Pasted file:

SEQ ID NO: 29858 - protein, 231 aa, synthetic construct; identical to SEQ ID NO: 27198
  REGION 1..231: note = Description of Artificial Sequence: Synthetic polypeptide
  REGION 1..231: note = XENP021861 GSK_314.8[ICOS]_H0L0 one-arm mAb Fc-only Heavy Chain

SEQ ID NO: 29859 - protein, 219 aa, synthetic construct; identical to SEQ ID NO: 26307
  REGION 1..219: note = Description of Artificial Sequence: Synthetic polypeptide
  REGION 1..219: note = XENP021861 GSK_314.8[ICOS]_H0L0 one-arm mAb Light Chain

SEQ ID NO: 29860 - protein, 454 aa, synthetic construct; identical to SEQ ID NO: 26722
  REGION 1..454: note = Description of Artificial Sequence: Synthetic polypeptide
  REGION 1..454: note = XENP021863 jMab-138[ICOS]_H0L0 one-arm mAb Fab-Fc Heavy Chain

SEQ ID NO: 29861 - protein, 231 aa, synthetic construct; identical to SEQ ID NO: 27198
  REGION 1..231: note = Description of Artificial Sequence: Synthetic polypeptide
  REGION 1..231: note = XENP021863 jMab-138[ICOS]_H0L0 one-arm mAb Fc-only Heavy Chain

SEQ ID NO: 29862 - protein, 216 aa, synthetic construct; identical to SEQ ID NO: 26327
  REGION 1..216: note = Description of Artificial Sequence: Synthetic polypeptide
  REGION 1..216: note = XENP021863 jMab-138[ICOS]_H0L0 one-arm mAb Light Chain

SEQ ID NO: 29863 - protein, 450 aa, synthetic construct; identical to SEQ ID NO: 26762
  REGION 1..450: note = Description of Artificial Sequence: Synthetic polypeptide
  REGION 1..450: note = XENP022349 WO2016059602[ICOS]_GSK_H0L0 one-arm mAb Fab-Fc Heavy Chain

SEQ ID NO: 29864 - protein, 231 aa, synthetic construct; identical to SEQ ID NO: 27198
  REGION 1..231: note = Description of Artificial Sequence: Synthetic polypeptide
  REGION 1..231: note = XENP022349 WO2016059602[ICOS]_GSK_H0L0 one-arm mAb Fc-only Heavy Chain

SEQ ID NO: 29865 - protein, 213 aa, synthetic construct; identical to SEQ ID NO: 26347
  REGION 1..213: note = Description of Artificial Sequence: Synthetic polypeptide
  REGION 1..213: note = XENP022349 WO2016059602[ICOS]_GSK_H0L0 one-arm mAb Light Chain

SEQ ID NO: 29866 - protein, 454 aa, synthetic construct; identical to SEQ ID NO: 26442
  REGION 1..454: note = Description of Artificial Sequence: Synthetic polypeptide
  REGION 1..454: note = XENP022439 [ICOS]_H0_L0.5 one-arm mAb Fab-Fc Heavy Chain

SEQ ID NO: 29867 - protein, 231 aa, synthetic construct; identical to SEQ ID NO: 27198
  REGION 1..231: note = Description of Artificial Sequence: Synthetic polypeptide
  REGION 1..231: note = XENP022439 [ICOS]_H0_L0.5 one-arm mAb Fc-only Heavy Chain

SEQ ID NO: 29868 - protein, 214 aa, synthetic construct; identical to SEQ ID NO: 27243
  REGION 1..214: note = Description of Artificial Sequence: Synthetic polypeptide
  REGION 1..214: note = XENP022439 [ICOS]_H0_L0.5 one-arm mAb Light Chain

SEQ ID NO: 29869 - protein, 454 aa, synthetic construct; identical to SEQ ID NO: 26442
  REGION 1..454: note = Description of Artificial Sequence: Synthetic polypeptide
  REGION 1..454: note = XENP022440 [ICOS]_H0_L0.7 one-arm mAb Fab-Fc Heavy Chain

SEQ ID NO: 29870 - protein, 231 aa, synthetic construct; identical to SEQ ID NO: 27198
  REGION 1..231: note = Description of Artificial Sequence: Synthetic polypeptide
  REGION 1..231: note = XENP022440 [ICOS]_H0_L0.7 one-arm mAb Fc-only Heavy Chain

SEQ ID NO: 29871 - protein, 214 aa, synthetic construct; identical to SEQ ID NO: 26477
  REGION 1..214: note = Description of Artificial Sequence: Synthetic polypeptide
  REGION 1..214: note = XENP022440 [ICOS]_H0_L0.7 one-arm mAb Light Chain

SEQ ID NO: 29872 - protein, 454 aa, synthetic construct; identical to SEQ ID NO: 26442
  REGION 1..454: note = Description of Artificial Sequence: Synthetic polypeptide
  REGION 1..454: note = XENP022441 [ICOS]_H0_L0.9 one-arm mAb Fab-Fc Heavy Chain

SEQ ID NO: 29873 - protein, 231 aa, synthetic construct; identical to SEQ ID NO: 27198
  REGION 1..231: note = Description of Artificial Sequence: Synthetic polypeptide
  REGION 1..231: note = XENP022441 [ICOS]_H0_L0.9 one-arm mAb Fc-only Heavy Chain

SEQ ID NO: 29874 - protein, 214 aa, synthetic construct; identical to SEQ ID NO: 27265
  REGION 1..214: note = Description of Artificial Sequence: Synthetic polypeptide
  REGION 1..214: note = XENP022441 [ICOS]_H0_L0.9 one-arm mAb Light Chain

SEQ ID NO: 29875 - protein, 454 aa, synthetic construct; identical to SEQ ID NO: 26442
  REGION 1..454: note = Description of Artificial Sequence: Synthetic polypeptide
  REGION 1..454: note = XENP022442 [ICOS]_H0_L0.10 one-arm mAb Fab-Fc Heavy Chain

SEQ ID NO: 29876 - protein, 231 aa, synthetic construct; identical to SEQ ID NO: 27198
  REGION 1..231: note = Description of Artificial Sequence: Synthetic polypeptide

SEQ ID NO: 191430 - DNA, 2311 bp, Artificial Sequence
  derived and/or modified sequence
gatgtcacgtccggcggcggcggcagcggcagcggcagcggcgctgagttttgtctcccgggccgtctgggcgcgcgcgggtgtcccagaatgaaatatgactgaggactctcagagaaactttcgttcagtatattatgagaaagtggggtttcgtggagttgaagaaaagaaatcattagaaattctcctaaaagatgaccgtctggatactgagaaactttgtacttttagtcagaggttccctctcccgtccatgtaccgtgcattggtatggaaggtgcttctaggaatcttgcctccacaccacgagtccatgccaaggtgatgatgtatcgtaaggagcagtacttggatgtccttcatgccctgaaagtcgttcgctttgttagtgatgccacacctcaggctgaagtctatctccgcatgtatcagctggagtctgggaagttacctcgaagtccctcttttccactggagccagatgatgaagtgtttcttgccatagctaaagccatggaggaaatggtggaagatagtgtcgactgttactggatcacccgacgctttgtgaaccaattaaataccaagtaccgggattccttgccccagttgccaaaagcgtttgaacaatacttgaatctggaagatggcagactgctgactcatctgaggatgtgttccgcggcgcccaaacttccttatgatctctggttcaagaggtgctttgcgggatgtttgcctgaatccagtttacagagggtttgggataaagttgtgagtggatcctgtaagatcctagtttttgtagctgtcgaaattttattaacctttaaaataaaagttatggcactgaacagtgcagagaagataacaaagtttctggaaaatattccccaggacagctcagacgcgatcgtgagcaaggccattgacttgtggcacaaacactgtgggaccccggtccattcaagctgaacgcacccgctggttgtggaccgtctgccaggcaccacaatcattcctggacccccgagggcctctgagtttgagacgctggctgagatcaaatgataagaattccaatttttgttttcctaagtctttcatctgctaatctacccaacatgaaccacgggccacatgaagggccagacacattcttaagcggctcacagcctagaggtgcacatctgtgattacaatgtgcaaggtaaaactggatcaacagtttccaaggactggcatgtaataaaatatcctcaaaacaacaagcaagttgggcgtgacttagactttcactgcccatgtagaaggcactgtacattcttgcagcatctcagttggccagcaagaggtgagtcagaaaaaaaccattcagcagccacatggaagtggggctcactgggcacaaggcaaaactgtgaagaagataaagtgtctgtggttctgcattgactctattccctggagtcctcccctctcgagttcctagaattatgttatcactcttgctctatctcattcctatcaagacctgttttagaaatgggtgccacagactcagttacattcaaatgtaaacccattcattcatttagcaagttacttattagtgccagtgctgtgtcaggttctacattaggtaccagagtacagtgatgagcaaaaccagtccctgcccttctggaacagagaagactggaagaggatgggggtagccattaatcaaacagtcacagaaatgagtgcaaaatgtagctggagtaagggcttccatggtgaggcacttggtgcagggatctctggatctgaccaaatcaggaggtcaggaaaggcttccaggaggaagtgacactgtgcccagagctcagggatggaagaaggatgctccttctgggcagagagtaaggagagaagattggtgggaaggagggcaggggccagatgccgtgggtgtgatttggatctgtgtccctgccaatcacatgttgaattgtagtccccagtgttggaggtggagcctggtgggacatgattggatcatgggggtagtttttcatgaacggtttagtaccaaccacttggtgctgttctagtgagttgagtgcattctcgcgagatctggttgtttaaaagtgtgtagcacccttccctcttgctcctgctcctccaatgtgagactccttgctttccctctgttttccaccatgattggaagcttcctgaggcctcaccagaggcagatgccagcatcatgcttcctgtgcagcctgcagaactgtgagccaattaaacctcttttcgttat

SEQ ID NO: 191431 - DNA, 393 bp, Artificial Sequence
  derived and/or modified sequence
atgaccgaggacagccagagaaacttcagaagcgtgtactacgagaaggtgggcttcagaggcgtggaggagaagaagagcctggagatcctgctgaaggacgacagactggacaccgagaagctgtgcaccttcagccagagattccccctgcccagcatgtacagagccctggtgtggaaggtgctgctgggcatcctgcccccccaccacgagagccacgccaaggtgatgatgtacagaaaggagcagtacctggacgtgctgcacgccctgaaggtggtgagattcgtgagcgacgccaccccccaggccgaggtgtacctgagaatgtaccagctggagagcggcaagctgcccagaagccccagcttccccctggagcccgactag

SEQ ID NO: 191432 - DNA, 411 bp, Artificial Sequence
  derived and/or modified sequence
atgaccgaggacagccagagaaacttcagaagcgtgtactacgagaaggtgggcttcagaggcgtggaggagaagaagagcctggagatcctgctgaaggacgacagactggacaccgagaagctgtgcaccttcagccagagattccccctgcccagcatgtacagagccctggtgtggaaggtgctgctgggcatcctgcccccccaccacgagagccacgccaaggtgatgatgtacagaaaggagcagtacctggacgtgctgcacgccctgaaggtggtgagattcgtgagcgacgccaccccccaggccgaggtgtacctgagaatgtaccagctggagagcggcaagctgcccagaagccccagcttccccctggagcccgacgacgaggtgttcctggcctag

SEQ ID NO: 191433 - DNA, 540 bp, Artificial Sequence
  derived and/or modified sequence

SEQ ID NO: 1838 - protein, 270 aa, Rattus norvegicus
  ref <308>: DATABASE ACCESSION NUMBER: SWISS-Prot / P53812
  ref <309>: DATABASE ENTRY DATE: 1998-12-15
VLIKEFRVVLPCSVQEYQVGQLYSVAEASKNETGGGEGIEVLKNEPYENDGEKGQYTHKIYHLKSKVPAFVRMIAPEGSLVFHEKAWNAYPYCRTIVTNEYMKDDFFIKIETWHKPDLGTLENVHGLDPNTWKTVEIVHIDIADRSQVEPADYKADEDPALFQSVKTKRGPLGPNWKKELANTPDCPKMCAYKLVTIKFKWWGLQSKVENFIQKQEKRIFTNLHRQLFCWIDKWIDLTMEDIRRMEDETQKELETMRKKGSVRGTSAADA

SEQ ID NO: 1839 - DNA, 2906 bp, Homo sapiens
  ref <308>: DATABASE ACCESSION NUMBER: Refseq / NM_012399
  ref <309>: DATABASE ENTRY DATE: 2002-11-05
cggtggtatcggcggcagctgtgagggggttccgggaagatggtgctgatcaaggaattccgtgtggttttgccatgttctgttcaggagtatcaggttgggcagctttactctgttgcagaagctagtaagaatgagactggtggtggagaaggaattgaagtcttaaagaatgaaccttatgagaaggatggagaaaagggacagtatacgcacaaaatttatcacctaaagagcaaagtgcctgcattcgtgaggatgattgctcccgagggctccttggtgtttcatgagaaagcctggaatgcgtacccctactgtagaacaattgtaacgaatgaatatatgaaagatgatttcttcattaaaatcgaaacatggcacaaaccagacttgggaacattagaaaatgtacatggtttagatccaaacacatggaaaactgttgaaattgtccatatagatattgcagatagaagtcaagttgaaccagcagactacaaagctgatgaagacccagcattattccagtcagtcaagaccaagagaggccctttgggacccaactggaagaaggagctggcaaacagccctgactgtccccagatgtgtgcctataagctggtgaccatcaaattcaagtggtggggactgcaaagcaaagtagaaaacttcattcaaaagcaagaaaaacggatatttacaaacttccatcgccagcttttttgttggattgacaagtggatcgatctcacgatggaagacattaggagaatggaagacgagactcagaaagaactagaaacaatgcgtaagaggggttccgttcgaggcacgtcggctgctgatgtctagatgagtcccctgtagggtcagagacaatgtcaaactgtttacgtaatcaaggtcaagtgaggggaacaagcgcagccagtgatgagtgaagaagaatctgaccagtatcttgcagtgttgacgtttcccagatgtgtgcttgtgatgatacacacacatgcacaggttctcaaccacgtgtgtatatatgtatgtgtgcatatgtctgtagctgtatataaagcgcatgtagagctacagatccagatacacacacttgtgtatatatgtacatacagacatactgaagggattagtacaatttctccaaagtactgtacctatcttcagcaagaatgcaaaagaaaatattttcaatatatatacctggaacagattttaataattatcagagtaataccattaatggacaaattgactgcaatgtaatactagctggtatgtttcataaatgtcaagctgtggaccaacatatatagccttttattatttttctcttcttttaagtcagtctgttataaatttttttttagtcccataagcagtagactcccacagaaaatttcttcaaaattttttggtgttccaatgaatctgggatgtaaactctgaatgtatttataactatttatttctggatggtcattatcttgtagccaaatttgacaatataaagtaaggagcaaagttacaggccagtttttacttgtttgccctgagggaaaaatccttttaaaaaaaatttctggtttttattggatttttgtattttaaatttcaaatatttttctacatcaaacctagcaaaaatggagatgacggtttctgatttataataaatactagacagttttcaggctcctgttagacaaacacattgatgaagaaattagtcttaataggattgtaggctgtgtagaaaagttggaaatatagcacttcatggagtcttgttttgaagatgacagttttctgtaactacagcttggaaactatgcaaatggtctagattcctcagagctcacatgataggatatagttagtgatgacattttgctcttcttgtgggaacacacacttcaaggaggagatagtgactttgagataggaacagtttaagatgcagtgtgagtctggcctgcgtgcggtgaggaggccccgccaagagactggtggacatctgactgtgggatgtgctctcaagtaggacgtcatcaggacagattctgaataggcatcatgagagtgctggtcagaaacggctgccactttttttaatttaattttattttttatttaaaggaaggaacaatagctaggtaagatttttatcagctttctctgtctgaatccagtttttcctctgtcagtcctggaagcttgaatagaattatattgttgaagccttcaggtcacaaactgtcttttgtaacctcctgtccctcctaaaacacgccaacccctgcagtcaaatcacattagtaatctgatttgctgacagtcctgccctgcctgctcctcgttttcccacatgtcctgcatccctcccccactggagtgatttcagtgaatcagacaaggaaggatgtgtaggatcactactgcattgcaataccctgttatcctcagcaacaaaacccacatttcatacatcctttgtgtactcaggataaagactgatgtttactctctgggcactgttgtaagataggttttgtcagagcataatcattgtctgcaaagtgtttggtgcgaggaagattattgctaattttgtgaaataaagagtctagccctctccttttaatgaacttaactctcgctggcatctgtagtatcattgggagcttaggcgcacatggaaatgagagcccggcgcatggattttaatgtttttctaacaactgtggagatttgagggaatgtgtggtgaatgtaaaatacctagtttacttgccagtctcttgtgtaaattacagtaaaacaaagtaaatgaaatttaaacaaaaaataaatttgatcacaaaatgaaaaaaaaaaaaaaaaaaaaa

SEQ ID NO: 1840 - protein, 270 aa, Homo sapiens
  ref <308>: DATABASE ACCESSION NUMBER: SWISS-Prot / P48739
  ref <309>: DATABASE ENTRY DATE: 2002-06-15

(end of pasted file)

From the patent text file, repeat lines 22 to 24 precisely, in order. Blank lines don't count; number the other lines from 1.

SEQ ID NO: 29865 - protein, 213 aa, synthetic construct; identical to SEQ ID NO: 26347
  REGION 1..213: note = Description of Artificial Sequence: Synthetic polypeptide
  REGION 1..213: note = XENP022349 WO2016059602[ICOS]_GSK_H0L0 one-arm mAb Light Chain